Jesus wants commitment, an undivided attention! But the giving up does not come without anything. The more we give the more we receive. With this assurance, my complaining turned into relief. That experience of painful poverty made me decide to embrace Jesus in spite of His demands and I also know He will not demand beyond my resources. If He does, I can only trust in His grace.

With my thoughts occupied by God, I did not notice I was about to consume the rice and the salt in my table. That was the most sumptuous dinner I had. No food, no lights, no company but only Jesus. Truly, Jesus is more than enough! With Jesus, you could not ask for more! (Frt. Aris Martin, SVD Bible Diary 2008)


May 24, 2016 Tuesday

Mark’s version, which is similar to that of Luke’s, has Peter simply state the fact: “We have given up everything and followed you”. Matthew’s version, on the other hand, adds a question to Peter’s statement: “What then will there be for us?”

This question of Peter is often echoed by many of those who give themselves to God’s service or to the Church’s mission. What do we receive in return? This question arises from a mistaken perspective, namely, that one follows the Lord in order to fulfill one’s dreams. The correct perspective, rather, is that one follows the Lord in order to help fulfill HIS dream. The former inevitably leads to seeing service to God or the Church as a sacrifice or a burden. The latter understands it as a privilege and a gift.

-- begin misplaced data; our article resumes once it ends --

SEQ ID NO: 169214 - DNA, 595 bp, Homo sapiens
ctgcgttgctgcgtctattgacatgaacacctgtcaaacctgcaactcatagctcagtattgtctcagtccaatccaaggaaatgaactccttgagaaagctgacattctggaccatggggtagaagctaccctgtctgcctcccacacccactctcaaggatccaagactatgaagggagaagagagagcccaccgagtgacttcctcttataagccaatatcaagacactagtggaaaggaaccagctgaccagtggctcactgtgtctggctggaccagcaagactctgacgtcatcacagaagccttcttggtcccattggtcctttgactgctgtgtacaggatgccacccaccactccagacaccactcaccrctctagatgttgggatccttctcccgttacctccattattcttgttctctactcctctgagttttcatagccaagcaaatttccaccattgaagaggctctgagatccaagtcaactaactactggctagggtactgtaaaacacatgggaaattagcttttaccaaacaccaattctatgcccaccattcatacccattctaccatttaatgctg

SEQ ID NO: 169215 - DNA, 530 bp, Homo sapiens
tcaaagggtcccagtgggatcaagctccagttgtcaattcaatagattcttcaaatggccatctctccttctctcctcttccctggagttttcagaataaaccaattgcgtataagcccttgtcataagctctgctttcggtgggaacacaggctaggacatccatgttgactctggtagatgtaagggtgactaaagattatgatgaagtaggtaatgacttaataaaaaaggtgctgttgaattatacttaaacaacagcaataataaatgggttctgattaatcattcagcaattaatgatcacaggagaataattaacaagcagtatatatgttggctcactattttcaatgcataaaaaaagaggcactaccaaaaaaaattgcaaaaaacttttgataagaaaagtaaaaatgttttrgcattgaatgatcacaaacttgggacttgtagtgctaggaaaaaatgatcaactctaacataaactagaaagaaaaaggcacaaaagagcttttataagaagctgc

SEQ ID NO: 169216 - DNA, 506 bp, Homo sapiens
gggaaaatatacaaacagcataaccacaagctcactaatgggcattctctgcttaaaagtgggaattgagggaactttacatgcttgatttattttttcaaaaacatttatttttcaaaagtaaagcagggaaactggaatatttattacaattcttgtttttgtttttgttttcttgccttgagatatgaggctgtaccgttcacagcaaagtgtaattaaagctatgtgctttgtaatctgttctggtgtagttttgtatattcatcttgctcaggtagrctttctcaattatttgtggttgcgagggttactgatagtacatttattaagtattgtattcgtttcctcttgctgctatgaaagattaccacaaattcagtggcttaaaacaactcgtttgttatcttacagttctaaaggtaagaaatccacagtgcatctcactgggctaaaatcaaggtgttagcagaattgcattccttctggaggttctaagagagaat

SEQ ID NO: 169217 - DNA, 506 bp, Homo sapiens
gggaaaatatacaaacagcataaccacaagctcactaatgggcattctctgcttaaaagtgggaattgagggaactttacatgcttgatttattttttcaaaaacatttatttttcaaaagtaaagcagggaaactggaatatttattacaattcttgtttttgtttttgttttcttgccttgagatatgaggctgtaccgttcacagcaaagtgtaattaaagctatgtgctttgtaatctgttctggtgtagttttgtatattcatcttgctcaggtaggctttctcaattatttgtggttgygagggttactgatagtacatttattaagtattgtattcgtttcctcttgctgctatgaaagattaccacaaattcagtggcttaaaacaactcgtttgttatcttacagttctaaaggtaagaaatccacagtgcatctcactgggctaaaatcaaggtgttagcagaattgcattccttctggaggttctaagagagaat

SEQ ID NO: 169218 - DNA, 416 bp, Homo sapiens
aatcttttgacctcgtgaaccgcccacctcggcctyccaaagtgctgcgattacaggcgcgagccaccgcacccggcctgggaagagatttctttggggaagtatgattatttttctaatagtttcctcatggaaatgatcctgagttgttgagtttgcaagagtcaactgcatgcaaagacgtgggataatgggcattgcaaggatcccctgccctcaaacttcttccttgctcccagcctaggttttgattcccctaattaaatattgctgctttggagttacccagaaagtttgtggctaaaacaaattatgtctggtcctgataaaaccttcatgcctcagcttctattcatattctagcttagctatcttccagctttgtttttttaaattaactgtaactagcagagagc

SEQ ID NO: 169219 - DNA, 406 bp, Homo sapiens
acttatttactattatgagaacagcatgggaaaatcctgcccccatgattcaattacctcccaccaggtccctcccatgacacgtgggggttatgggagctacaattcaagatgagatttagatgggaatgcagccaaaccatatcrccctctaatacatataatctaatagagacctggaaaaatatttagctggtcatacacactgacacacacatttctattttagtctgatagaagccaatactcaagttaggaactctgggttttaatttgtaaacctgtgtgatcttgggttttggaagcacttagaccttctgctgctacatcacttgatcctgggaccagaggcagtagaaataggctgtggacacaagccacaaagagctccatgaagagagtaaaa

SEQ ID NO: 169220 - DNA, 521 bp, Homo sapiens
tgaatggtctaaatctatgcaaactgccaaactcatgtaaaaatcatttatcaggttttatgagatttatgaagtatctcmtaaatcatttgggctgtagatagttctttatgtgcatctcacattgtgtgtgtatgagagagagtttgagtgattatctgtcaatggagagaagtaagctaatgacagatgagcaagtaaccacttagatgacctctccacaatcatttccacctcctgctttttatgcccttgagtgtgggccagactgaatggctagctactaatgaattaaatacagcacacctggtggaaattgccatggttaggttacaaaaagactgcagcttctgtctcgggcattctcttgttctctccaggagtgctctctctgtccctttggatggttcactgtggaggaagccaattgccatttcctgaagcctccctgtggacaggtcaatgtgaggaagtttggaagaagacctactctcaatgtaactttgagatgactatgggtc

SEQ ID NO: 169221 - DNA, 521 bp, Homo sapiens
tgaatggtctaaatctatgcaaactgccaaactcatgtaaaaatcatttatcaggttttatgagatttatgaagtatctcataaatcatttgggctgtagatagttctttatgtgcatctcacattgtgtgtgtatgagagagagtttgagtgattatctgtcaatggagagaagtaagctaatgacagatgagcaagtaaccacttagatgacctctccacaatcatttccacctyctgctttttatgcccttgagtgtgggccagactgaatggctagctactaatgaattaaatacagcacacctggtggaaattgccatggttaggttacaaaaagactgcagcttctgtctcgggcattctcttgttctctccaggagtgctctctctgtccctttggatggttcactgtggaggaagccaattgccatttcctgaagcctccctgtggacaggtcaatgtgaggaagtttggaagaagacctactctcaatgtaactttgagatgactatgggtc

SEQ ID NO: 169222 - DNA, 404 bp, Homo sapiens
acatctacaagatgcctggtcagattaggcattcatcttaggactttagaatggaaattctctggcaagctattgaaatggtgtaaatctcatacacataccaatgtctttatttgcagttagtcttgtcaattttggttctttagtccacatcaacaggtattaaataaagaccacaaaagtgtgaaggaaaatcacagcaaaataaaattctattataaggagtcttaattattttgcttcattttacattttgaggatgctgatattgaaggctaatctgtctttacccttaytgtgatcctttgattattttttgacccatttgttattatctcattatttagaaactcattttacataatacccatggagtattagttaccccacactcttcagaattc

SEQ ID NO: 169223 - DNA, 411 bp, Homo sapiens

As St. Joseph Freinademetz, the first SVD missionary to China, wrote in one of his letters to his family: “Thank God … that the Lord has given us the grace of having a missionary in our family … I do not consider this as a sacrifice that I offer to God, but as the greatest gift that God is giving me”.  Again from China he wrote: “I cannot thank the Lord enough for having made me a missionary in China …. The most beautiful vocation in the world is being a missionary.”